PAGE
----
Westminster College in Salt Lake City, Utah has announced that it will begin allowing transgender women to play on female sports teams and use women’s locker rooms.

The school’s Title IX coordinator, Jason Schwartz, explained the policy change in an email obtained by Campus Reform. In it, Schwartz highlighted the Obama Administration’s May 2016 Dear Colleague Letter on Transgender Students, which addressed sex-segregated activities and facilities, stressing that “transgender students must be allowed to participate in such activities and access such facilities consistent with their gender identity.”

“Westminster College is committed to protecting the rights of all students, and the purpose of this message is to inform you of the newly-affirmed rights of transgender students under the DCL,” Schwartz wrote.

Among these rights are access to restrooms and locker rooms consistent with their gender identity, as well as the ability to participate in athletic activities consistent with their gender identity. However, some cases, those that propose a safety concern for example, will require further discretion.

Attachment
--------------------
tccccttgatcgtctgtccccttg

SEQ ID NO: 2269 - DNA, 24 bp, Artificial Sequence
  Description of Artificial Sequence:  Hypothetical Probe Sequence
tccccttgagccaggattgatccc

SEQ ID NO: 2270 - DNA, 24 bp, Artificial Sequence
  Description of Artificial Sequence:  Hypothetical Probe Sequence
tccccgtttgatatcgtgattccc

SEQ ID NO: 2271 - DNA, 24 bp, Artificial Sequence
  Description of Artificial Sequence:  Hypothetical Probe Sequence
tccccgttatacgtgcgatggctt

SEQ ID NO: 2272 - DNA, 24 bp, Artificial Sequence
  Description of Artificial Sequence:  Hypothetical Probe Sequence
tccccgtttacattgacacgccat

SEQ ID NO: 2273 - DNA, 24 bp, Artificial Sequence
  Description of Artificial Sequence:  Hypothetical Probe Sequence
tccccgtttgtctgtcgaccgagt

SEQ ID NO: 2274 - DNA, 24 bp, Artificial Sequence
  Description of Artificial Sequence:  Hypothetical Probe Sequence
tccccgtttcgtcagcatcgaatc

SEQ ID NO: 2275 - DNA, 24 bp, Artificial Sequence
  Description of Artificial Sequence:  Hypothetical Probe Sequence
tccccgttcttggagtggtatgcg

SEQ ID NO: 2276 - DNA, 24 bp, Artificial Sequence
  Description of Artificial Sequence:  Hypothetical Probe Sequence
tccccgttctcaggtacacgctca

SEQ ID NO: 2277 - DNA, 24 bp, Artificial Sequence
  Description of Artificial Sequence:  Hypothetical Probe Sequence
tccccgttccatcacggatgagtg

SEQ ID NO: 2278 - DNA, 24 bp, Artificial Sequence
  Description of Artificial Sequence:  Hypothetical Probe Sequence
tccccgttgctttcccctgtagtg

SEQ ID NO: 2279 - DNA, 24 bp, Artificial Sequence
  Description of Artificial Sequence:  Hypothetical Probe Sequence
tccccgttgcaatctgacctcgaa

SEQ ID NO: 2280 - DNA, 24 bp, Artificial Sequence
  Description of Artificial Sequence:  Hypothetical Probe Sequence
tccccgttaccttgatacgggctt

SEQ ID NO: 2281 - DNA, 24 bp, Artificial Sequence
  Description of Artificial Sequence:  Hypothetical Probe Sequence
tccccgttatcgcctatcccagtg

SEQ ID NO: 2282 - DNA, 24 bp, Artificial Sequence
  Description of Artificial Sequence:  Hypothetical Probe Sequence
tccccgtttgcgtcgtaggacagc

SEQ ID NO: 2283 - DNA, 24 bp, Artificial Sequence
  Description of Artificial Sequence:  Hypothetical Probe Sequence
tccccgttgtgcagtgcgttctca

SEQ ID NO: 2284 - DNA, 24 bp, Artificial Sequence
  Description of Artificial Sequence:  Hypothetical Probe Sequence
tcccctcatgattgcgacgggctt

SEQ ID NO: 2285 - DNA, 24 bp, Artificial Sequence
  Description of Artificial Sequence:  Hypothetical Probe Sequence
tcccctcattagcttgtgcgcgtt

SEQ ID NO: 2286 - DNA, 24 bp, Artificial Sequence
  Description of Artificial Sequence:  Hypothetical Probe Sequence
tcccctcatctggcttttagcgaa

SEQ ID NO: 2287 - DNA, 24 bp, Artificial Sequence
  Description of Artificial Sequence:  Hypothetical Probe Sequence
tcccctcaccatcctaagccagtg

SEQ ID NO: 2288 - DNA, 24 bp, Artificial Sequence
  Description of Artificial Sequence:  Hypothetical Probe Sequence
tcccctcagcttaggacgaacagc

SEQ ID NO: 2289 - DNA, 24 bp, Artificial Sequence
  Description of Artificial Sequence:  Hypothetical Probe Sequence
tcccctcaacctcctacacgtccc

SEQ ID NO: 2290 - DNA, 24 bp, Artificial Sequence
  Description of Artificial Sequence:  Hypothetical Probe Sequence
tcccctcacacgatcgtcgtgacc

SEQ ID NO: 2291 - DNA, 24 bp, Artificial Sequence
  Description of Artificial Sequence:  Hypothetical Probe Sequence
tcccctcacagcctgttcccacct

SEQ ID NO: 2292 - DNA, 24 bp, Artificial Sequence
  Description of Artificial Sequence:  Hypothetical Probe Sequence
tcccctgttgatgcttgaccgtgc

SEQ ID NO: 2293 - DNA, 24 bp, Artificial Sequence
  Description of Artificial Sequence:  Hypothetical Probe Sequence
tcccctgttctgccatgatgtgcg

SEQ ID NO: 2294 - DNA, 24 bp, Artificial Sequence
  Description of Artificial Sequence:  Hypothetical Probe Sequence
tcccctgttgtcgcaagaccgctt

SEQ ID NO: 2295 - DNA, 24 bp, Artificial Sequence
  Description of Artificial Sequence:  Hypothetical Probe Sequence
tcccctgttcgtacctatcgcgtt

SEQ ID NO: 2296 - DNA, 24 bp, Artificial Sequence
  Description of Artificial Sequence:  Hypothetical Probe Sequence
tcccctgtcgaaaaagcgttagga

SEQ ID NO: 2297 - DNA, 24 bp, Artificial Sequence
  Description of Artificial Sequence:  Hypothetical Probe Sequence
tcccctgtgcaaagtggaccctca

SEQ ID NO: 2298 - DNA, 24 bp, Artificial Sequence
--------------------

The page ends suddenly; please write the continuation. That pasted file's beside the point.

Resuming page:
“In cases where selection for teams is competitive or when the activity involved is a contact sport, Westminster College will make tailored requirements based on sound, current, and research-based medical knowledge about the impact of an individual student’s participation on the competitive fairness or physical safety of the sport,” Schwartz said.

The policy change presents other challenges in regard to handling student housing and non-athletic activities. Westminster College, however, decided to expand the “newly-affirmed rights of transgender students” to encompass such matters.

Transgender students at the school will now also have the right to access housing consistent with their gender identity and to participate in any other “sex-specific” activities consistent with their gender identity. Needless to say, Westminster College, which used to be affiliated with the Presbyterian Church, is a bit of a pioneer on collegiate transgender issues.

“It’s unclear how common such policies are at colleges in the United States,” said Anthony Gockowski, an Investigative Reporter for Campus Reform. “A USA Today article last year polled 50 schools and found that only ten had instituted policies addressing the inclusion of transgender athletes.”

That number may increase soon though, as the NCAA announced last month that all cities and college campuses seeking to host future NCAA championship events must complete a lengthy questionnaire about their policies on transgender athletes. Schools looking to do so must “demonstrate how they will provide an environment that is safe, healthy, and free of discrimination, plus safeguards the dignity of everyone involved in the event.”